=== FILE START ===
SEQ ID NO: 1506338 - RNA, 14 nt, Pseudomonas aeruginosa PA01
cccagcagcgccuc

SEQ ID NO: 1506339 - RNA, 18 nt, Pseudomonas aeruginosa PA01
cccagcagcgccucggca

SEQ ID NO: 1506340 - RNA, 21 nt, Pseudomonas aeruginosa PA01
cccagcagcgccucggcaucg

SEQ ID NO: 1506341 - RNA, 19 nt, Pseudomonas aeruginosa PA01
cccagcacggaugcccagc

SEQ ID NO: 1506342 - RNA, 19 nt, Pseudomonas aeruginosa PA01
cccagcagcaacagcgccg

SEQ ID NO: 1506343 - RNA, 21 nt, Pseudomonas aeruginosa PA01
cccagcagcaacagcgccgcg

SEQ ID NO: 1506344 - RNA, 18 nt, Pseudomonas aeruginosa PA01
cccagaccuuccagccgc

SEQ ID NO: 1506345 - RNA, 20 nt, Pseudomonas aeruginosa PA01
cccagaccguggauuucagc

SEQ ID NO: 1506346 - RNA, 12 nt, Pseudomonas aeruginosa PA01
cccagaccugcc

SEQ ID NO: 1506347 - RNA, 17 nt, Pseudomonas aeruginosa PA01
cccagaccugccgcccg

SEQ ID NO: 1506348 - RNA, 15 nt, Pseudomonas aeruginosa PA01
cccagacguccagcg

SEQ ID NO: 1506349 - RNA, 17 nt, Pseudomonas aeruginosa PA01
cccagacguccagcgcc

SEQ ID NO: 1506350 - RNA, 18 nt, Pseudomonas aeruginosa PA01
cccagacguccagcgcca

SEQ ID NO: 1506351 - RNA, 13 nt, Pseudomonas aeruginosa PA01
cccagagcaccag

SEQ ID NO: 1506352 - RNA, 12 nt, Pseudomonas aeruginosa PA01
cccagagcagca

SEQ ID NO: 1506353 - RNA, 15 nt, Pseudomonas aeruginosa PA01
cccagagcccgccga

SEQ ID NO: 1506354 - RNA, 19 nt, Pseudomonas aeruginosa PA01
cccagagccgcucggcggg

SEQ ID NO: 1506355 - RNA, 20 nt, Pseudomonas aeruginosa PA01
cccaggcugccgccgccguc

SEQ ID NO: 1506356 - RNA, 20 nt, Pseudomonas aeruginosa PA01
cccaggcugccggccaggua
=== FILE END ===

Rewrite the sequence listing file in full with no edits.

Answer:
SEQ ID NO: 1506338 - RNA, 14 nt, Pseudomonas aeruginosa PA01
cccagcagcgccuc

SEQ ID NO: 1506339 - RNA, 18 nt, Pseudomonas aeruginosa PA01
cccagcagcgccucggca

SEQ ID NO: 1506340 - RNA, 21 nt, Pseudomonas aeruginosa PA01
cccagcagcgccucggcaucg

SEQ ID NO: 1506341 - RNA, 19 nt, Pseudomonas aeruginosa PA01
cccagcacggaugcccagc

SEQ ID NO: 1506342 - RNA, 19 nt, Pseudomonas aeruginosa PA01
cccagcagcaacagcgccg

SEQ ID NO: 1506343 - RNA, 21 nt, Pseudomonas aeruginosa PA01
cccagcagcaacagcgccgcg

SEQ ID NO: 1506344 - RNA, 18 nt, Pseudomonas aeruginosa PA01
cccagaccuuccagccgc

SEQ ID NO: 1506345 - RNA, 20 nt, Pseudomonas aeruginosa PA01
cccagaccguggauuucagc

SEQ ID NO: 1506346 - RNA, 12 nt, Pseudomonas aeruginosa PA01
cccagaccugcc

SEQ ID NO: 1506347 - RNA, 17 nt, Pseudomonas aeruginosa PA01
cccagaccugccgcccg

SEQ ID NO: 1506348 - RNA, 15 nt, Pseudomonas aeruginosa PA01
cccagacguccagcg

SEQ ID NO: 1506349 - RNA, 17 nt, Pseudomonas aeruginosa PA01
cccagacguccagcgcc

SEQ ID NO: 1506350 - RNA, 18 nt, Pseudomonas aeruginosa PA01
cccagacguccagcgcca

SEQ ID NO: 1506351 - RNA, 13 nt, Pseudomonas aeruginosa PA01
cccagagcaccag

SEQ ID NO: 1506352 - RNA, 12 nt, Pseudomonas aeruginosa PA01
cccagagcagca

SEQ ID NO: 1506353 - RNA, 15 nt, Pseudomonas aeruginosa PA01
cccagagcccgccga

SEQ ID NO: 1506354 - RNA, 19 nt, Pseudomonas aeruginosa PA01
cccagagccgcucggcggg

SEQ ID NO: 1506355 - RNA, 20 nt, Pseudomonas aeruginosa PA01
cccaggcugccgccgccguc

SEQ ID NO: 1506356 - RNA, 20 nt, Pseudomonas aeruginosa PA01
cccaggcugccggccaggua